POPE Francis’ declaration of the first day of September as the annual World Day of Prayer for the Care of Creations is arguably the best time for the Pope to reiterate that being stewards of Creation does not only mean people should protect the environment, but that they should also check the human corruption and spiritual “pollution” that have caused the environmental crisis–among several crises–in the first place.

With “Laudato Si’,” his second encyclical, Pope Francis has called for the revitalization of God’s creation and reminded the faithful that along with upholding life, practicing charity, promoting justice, and observing morality, they must also protect the environment.

Pope Francis’ 168-page encyclical can be summarized thus: humanity cannot free the “pollution-plagued” world from trafficking of endangered species while remaining completely indifferent to human trafficking, unconcerned about the poor, or destroying another human being deemed unwanted.

This is a challenge for the Philippines, the largest Catholic nation in Asia.

Climate change, pollution, decline in the quality of human life, social breakdown, and global inequality, cited by Pope Francis as major “pollutions” of the Earth, are experienced by most Filipinos.

The country has seen the reckless exploitation of the environment in the name of financial gain.

Corruption, drug and human trafficking, and killings populate the news headlines. Gross iniquity in social and economic relations show the intractability of the problems facing many Filipinos. The rich and the powerful prey on the weak and the powerless.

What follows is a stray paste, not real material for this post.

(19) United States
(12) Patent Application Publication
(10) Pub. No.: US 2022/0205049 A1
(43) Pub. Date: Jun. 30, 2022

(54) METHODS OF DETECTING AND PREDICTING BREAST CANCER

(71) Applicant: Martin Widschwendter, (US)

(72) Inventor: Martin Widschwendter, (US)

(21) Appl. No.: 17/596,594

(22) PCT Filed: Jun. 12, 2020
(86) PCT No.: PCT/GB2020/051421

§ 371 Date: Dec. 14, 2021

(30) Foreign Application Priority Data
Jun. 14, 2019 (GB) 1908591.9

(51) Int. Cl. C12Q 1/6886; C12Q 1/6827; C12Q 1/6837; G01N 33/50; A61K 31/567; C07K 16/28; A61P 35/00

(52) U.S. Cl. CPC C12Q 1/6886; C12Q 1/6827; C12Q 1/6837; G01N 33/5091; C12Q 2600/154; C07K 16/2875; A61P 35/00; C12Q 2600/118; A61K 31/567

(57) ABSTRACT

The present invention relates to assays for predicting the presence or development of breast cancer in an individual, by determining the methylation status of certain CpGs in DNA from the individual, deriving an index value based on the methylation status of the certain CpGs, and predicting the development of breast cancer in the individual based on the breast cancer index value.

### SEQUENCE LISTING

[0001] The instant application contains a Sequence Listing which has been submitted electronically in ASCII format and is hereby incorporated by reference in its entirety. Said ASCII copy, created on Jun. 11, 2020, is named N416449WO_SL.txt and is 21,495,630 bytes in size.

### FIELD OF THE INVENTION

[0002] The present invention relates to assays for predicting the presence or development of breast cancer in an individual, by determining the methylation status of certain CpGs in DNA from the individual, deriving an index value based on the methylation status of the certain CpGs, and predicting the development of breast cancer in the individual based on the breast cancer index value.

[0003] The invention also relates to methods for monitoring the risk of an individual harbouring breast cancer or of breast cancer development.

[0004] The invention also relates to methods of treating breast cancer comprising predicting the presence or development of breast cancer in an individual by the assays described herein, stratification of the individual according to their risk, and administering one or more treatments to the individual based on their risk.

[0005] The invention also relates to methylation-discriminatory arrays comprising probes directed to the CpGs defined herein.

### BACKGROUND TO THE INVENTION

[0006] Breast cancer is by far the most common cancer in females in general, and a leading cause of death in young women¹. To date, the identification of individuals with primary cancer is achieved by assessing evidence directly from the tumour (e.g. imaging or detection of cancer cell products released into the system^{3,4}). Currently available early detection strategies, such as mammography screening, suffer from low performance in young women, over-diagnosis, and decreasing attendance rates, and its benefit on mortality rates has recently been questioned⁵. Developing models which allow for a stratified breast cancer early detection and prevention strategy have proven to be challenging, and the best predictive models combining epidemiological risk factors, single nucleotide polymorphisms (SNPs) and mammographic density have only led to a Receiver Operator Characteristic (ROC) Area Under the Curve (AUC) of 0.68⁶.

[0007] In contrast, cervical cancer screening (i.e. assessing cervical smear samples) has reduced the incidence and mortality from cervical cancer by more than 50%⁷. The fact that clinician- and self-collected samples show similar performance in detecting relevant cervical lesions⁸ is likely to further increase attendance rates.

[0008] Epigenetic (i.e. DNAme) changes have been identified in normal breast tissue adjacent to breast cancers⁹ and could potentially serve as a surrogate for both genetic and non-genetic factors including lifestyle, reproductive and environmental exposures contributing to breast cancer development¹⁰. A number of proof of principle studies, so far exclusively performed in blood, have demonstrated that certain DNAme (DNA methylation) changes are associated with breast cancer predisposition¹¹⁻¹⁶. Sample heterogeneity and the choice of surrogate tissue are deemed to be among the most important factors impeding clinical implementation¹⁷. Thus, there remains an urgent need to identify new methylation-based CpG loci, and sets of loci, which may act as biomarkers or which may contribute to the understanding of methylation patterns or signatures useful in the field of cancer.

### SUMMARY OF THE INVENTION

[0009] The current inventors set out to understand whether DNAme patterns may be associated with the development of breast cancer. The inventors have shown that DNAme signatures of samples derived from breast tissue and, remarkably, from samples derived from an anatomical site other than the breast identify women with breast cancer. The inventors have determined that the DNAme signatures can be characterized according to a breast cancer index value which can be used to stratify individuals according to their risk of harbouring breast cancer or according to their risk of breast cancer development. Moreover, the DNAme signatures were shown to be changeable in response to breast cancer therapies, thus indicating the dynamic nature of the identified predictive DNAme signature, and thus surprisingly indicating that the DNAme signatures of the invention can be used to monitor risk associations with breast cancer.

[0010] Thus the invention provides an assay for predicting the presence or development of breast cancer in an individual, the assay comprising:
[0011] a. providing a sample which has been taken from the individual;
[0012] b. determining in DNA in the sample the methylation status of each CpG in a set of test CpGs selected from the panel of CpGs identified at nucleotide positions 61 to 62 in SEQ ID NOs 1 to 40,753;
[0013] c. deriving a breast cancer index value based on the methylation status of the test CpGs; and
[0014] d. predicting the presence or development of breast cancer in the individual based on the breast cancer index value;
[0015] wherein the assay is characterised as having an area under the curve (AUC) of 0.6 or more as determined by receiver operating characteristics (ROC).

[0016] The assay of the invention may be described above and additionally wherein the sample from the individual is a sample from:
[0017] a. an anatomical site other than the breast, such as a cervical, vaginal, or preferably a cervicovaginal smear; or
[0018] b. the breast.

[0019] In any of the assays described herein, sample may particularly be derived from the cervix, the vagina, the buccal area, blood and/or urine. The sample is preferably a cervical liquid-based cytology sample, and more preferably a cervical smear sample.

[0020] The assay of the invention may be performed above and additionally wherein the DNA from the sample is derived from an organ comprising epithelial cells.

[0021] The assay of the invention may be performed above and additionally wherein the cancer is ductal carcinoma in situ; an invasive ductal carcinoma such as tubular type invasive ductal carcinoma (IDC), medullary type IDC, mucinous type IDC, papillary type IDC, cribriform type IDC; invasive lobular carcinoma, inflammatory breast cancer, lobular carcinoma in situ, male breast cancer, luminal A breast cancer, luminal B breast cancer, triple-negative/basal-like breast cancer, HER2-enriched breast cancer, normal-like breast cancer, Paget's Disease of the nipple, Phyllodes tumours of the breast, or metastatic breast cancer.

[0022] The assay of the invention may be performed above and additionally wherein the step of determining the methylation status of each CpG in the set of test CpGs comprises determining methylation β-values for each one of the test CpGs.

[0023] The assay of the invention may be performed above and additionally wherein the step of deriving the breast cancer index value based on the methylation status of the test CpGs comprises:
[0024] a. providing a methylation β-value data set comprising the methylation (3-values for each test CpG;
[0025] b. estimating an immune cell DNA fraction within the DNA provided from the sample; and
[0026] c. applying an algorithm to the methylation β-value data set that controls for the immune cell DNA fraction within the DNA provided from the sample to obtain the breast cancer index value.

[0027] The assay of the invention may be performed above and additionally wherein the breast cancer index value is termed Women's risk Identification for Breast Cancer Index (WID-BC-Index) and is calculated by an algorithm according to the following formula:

Pope Francis blames the intractability of the environmental disaster facing the globe on the “lords” of political and economic power. The same lords are to blame for social and economic iniquity facing Philippine society. They are the ones whose interests have led to the despoiliation of the environment.

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In the fight to protect the environment, young people have a leading role.

More Filipino Catholics should support the Global Catholic Change Movement, an international petition aiming to cut excessive carbon emissions and to assist the vulnerable in coping with the effects of environmental changes.

In the Archdiocese of Manila alone, more than 1,000 priests, religious, and lay leaders have signed the petition.

This support would be essential as Church leaders call for a global climate treaty during the Paris Climate Change Conference in November.

Even before the release of the encyclical, Pope Francis already said that Filipinos, especially the youth, can do something to preserve God’s Creation.

“We need to see, with the eyes of faith, the beauty of God’s saving plan, the link between the natural environment and the dignity of the human person. As stewards of God’s Creation, we are called to make the earth a beautiful garden for the human family,” the Pope said in his undelivered speech during his visit to the University last Jan. 18.

As citizens of a predominantly Catholic nation, we are expected to act as global leaders in terms of virtuous culture and upholding morality. Thus, we should not let the passage of bills and promulgation of laws that we think contradict Church’s teachings and destroy human life and dignity.

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